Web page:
Strategies to Implement Technology in a Classroom

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Educational technology has the potential of transforming education, so students develop 21st century literacy skills. A clear plan for implementation provides the framework for the successful and efficient use of educational technology. As Arthur W. Chickering, an educational specialist with DePaul University, and Stephan C. Ehrmann, a founder of The Teaching Learning and Technology Group, note: “Institutional policies concerning learning resources and technology support need to give high priority to user-friendly hardware, software and communication vehicles that help faculty and students use technologies efficiently and effectively.”

1 Develop a Plan

The goal of implementing technology in the classroom is to make education more effective and to offer students new resources and options. Technology implementation also should have an impact on the teaching strategies and methodologies of the teacher. Teachers need to develop a clear plan that details all the component elements. The plan should specifically target the ways in which the technology will be applied. For instance, technology may be used in assessment and grading programs, it may be used to enable students to present information in a variety of ways, and it may be used for research or it may be for creating simulations.

2 Prepare Teachers

Effective technology use requires professional development for teachers. They must understand how the functions of hardware and software. Additionally, teachers need to revise their teaching strategies in order to have an impact on student learning most effectively.

3 Research Hardware

The amount and type of hardware in a classroom will significantly affect the use and effectiveness of educational technology. Laptops are more suited to some types of learning activities, while desktops are more appropriate for others. Peripheral devices such as Smart Boards, camcorders, digital cameras and audio recording devices will enhance educational technology use. Broadband and Wi-Fi access will facilitate the research applications of technology.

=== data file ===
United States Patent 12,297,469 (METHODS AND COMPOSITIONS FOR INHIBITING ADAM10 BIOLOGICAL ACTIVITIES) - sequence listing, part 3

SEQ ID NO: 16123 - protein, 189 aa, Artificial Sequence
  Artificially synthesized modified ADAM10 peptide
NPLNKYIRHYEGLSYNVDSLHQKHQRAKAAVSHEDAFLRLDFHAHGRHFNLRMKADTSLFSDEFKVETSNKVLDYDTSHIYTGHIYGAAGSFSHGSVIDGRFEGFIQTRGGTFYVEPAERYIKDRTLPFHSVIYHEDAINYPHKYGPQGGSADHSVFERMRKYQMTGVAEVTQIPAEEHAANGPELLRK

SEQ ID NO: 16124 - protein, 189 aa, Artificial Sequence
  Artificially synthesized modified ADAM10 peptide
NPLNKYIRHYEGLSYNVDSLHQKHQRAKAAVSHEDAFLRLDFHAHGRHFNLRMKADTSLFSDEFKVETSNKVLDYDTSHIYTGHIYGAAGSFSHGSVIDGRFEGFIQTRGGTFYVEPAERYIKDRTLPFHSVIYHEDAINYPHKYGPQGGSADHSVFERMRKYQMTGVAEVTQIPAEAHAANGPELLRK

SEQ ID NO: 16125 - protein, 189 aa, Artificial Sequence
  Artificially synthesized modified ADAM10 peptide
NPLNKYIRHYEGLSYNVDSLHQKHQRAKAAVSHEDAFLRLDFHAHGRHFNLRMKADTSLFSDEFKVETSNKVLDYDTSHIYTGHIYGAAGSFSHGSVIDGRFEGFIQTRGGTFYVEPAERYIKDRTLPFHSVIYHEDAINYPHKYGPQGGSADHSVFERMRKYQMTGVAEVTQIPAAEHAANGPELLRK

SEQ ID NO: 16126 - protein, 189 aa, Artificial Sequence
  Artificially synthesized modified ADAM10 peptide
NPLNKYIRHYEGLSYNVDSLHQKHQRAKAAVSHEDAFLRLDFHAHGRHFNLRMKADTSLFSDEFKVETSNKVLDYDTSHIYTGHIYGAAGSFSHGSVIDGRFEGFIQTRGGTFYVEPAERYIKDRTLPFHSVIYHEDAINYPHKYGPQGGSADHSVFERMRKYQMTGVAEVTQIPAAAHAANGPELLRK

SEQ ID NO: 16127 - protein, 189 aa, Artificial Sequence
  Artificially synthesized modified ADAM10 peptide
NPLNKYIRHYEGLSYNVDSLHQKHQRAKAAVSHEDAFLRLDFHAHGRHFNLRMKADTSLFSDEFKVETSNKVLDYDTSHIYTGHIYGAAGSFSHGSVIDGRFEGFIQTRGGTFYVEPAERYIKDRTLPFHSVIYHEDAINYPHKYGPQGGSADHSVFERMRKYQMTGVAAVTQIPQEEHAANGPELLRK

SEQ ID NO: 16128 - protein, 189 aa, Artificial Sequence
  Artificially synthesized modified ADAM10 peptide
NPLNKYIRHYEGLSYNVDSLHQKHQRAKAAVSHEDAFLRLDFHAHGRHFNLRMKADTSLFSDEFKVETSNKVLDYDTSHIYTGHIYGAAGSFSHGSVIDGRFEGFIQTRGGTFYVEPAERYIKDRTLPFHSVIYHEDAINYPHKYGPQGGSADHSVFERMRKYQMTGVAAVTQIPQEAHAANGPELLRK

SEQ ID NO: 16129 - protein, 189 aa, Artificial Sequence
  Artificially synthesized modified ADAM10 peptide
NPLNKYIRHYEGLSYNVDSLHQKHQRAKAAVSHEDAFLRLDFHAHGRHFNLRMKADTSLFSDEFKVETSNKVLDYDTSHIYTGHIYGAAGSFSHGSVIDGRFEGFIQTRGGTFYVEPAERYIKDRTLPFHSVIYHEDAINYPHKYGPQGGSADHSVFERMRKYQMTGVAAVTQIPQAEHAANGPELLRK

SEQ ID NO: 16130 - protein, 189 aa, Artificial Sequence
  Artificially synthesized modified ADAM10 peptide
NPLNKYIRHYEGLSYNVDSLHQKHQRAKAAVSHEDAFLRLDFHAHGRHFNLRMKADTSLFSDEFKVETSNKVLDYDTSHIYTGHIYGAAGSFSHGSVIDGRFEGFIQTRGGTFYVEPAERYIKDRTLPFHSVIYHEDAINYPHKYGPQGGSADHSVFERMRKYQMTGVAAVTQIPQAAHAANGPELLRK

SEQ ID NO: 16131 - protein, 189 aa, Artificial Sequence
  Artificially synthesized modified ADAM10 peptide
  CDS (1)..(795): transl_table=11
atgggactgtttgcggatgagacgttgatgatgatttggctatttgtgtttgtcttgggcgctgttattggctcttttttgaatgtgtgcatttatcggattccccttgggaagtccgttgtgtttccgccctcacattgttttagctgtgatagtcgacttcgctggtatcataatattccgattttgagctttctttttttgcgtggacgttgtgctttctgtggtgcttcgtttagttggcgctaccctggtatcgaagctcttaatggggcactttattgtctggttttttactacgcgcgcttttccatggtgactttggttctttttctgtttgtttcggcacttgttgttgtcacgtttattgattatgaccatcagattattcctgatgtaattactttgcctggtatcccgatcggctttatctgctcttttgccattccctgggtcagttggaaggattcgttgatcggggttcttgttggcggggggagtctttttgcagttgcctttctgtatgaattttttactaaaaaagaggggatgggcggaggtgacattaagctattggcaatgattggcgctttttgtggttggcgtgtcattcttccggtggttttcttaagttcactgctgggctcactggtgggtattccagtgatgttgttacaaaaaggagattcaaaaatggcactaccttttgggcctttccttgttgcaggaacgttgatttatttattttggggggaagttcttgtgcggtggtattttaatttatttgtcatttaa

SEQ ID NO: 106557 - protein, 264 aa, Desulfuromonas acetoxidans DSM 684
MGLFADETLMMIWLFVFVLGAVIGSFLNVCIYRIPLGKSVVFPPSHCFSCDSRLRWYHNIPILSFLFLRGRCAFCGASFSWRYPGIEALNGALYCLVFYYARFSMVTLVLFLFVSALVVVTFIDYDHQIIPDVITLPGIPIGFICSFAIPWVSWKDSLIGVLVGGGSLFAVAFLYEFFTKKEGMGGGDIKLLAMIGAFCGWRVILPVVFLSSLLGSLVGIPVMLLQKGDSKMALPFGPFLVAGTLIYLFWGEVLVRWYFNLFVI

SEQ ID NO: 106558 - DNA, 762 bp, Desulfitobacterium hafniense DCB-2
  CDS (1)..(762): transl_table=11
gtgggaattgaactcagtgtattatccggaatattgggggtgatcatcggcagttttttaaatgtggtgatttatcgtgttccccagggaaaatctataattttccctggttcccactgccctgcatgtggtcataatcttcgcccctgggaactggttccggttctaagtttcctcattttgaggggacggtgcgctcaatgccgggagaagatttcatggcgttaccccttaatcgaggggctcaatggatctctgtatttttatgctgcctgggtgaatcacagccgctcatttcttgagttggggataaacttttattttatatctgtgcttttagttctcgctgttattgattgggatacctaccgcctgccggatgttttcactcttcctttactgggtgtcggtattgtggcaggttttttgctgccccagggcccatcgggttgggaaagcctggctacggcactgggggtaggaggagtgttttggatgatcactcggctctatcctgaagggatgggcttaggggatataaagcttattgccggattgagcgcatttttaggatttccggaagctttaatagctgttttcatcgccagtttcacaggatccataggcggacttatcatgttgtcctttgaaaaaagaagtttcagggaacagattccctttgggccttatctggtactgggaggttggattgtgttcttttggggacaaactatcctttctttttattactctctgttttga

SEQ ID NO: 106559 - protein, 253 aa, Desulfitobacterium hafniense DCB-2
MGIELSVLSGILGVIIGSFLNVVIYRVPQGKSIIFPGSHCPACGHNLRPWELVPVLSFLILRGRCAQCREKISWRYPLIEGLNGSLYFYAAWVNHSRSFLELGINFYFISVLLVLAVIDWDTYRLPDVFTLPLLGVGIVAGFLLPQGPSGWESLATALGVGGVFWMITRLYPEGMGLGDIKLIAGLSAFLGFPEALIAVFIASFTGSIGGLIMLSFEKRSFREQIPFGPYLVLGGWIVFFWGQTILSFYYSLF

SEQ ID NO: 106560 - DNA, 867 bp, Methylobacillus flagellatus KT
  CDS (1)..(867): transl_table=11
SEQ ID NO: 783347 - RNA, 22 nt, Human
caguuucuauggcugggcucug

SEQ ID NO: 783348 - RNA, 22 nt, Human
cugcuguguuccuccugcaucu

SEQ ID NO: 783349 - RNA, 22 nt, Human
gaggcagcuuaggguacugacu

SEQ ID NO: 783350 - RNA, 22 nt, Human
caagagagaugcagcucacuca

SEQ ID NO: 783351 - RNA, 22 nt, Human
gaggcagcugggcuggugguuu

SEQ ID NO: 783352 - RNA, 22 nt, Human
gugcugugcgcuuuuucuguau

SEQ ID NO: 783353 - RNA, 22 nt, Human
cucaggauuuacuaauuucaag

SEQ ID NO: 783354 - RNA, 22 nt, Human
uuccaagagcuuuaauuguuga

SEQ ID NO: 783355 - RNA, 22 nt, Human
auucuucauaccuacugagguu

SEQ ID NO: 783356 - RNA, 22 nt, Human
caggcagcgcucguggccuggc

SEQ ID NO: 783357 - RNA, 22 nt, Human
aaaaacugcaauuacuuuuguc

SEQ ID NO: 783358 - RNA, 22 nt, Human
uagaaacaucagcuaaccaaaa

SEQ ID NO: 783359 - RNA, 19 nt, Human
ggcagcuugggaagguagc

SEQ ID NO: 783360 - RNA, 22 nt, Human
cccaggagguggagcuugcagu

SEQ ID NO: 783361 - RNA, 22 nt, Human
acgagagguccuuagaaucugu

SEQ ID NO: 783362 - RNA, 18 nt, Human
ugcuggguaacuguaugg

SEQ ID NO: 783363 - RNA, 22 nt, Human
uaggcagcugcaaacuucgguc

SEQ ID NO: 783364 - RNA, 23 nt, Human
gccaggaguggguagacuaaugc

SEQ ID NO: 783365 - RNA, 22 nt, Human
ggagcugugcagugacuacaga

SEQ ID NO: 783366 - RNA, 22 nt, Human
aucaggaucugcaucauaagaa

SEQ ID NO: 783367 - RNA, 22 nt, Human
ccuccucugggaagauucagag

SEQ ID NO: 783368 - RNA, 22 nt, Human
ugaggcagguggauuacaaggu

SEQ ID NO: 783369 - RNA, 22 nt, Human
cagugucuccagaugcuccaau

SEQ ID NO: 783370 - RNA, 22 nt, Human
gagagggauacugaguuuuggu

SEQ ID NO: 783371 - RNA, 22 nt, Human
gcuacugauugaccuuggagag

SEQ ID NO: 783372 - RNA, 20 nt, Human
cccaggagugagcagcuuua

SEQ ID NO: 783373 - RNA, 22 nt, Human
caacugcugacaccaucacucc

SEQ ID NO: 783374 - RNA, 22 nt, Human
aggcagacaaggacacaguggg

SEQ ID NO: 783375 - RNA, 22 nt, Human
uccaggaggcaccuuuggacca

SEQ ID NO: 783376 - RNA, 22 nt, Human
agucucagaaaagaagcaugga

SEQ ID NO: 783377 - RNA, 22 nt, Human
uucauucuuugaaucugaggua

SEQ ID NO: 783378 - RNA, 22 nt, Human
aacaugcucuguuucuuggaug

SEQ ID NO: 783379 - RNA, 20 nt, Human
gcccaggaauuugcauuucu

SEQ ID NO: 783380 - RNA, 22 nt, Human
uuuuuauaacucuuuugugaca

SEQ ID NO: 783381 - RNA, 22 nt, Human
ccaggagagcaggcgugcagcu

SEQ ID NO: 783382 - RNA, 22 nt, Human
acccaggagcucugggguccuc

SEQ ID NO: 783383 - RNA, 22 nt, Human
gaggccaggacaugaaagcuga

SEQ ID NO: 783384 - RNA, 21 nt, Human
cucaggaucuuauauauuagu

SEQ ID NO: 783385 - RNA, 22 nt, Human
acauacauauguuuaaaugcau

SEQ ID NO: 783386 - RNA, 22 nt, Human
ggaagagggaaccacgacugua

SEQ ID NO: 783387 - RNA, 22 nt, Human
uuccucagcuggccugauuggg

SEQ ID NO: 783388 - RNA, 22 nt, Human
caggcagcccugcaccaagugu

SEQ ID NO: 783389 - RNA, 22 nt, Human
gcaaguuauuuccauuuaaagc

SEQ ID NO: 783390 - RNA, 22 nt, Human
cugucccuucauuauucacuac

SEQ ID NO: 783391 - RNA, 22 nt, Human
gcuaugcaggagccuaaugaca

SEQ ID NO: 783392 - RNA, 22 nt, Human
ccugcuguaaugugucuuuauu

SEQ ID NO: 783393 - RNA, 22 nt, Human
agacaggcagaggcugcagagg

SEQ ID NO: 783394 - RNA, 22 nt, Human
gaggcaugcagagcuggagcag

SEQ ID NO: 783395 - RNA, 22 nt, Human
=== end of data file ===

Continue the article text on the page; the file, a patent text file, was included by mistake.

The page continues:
4 Evaluate Software

Software purchases should be driven by the curriculum, not the other way around. Appropriate software for teachers and students will support the development and implementation of the school curriculum and learning goals. Software should be a tool rather than an end in itself.

5 Organize Management Activities

Technology requires management. This includes the physical placement of computers in the classroom and school. For example, mini-labs of desktop computers allows classroom teachers to integrate technology easily into their everyday practices. A one-to-one laptop program provides mobility and allows the teacher to extend lessons outside the physical boundaries of the classroom. Wi-Fi complements this type of laptop program. Teachers will require professional development activities that must be allocated according to need and time constraints. An acceptable use policy should be developed for the entire school community.

Bruce Pohlmann is an international educator, author and anthropologist. Pohlmann began writing about Southeast Asia and education in 1980. He has written many articles for both print and digital magazines, websites and blogs, including "Kabar Magazine," Escape Artist, and Offshore Wave. He holds a Ph.D. in anthropology from the University of California, Berkeley.